With the notable absence of presumed front-runner Won’t You Be My Neighbor?, Best Documentary is suddenly up in the air. What film will rise to take its place as the “Best Documentary” of 2018?
The ease of predicting the Oscar race for Best Documentary comes down to the category already being narrowed down to a shortlist. The contenders are already limited to 15 films. Of those 15, though, there are clear frontrunners.
The Best Documentary race appears to be one of the most cut and dry of the year, but there are one or two contenders on the outside of the top five that are strong enough to get in.
The Best Documentary category features one of the more prominent snubs of the 2018 Oscar nominations. The arguable front-runner in the category, Jane, did not appear in the final five (I disputed this front-runner status in favor of Agnes Varda’s Faces Places, but I in no way foresaw Jane not even earning a nomination).
With that film out of the running—as well as other notable docs like City of Ghosts not showing up—the conversation around the Best Documentary category has changed drastically. So let’s have that conversation!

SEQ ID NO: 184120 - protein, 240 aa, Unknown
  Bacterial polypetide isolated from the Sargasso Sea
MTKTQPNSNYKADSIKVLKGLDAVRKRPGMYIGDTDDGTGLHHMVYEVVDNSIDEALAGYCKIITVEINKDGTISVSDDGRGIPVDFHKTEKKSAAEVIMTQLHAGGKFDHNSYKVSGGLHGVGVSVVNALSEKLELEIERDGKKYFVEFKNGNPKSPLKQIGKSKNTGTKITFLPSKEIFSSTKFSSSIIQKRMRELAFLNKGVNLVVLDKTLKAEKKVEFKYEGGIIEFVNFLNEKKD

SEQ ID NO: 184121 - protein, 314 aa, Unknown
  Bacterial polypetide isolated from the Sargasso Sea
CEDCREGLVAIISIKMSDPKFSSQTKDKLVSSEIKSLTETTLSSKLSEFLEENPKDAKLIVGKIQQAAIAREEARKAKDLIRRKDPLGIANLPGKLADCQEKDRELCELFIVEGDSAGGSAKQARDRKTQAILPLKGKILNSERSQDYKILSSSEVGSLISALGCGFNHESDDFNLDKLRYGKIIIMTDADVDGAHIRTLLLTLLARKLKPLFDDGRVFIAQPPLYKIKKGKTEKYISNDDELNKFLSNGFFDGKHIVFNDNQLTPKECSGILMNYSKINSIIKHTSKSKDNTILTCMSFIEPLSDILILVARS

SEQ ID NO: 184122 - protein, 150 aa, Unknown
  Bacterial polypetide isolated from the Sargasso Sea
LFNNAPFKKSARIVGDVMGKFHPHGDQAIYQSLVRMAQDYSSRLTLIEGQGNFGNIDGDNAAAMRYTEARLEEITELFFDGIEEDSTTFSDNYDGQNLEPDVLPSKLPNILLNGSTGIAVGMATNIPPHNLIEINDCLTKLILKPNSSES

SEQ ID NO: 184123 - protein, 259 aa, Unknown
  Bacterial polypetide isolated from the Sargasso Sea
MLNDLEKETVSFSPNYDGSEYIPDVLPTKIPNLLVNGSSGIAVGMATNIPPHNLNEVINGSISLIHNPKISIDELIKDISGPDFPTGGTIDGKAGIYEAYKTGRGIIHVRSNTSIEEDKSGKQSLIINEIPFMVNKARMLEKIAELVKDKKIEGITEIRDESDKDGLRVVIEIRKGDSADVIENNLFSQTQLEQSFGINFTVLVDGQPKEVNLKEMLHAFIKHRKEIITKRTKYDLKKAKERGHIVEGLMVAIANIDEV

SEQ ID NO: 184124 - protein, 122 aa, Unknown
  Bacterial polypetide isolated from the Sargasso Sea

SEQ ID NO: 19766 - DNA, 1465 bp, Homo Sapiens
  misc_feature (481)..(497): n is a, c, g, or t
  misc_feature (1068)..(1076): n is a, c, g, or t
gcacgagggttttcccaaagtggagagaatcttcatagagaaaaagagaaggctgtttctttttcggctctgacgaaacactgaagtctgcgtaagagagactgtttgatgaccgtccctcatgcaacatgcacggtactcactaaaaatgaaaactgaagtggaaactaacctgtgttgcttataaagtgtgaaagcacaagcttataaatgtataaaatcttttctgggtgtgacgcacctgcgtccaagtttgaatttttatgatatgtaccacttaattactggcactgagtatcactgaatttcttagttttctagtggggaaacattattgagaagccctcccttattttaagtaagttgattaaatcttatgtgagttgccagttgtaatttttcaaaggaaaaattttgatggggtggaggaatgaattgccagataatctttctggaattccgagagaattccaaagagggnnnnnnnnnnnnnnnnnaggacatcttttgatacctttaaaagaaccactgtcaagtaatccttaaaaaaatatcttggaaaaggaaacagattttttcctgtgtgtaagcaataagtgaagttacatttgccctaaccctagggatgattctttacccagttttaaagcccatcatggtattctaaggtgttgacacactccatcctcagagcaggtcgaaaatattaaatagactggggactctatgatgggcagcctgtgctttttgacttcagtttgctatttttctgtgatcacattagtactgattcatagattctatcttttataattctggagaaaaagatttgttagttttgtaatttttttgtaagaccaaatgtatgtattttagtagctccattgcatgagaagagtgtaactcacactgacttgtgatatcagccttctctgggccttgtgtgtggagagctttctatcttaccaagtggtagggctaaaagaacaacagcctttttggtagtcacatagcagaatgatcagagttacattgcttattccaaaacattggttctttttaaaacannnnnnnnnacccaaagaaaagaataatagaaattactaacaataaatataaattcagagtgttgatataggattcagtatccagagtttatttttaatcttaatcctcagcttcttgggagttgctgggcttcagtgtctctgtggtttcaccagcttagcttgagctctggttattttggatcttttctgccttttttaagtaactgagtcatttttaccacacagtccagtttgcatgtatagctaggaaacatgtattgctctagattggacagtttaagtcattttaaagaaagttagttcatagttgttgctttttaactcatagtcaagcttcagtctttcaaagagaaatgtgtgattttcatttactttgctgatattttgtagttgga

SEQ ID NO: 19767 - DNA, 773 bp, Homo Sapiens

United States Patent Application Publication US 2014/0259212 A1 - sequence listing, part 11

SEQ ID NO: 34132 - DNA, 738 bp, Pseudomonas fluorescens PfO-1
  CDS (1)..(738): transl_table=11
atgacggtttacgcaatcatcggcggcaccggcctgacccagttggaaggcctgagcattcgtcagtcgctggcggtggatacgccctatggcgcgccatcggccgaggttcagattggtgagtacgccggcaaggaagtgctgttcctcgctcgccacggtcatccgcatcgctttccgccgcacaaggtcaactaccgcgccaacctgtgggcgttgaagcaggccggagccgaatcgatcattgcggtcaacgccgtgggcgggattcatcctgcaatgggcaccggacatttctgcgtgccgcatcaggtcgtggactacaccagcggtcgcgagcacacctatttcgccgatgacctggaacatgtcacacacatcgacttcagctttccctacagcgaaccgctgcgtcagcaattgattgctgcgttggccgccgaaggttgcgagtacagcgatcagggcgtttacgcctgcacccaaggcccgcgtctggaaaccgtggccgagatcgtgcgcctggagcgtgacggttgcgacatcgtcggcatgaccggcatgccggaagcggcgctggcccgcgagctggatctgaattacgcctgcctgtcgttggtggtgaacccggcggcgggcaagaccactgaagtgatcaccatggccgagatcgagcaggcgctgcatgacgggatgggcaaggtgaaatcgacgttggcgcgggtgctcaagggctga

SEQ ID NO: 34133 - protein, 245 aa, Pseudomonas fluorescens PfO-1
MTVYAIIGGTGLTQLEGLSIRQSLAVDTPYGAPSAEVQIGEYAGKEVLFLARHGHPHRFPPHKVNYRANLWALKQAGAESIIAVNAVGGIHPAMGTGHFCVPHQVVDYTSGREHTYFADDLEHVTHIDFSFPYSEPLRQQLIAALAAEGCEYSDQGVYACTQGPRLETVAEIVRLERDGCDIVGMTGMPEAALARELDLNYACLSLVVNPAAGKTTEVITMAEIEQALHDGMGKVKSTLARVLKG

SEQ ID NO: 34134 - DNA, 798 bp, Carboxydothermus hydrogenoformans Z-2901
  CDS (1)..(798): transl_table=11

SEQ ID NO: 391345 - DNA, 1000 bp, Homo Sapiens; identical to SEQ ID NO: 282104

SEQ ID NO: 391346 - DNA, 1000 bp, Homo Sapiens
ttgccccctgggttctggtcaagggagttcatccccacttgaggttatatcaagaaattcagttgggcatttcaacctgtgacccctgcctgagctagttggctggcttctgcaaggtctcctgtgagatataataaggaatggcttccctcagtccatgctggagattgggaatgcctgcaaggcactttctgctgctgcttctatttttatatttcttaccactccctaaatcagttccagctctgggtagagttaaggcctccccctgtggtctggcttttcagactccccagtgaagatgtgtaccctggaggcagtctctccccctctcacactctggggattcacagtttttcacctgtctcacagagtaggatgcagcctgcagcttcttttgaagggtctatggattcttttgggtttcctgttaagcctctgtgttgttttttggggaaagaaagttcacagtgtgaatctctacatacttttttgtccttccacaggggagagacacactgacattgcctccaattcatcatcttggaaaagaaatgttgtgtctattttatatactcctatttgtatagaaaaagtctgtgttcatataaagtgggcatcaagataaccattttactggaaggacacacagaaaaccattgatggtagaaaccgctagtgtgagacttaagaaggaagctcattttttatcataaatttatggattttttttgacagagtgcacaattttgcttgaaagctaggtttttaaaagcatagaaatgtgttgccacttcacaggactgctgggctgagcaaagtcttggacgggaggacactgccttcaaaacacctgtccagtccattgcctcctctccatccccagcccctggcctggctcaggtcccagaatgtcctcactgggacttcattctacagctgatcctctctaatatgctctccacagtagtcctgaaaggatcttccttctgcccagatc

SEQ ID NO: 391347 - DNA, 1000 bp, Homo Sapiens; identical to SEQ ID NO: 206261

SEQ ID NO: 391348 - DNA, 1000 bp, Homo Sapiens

Best Documentary has been narrowed to a shortlist of 15 films. Raises my chances of not screwing this up, right?
I am fascinated by the 2017 Academy Award Best Documentary race. In a normal year, a film like 13th would be the clear favorite. It is adherent to the talking-head documentary formula will having important and informative subject matter.
But then there’s ESPN…
Best Documentary Film:
I have always grappled with reviewing documentaries. The cinematic elements are often time more muted than in fiction films, although there are exceptions to this of course. Documentaries are defined by formula. It is nice, then, to see documentaries that go above and beyond the simple formula.
Here are my picks for the Best Documentary nominations.
The Best Documentary category has developed into one of the more elusive categories at the Oscars. The Academy has a recent history of honoring the more lighthearted pieces of nonfiction film. Three of the past five years’ winners have been films that avoid politics or heavy issues.
This year, all five nominees deal with heavy issues to various degrees. And two of the three emerging frontrunners appear to be the most heavy of the lot. The Look of Silence and Cartel Land are hailed critically, and appear to be powerful enough films to elicit Academy recognition.
At least, that is the hope.
The Look of Silence is Joshua Oppenheimer’s follow up to 2012’s The Act of Killing. The sequel may not Continue reading 2016 Academy Awards Predictions – Best Documentary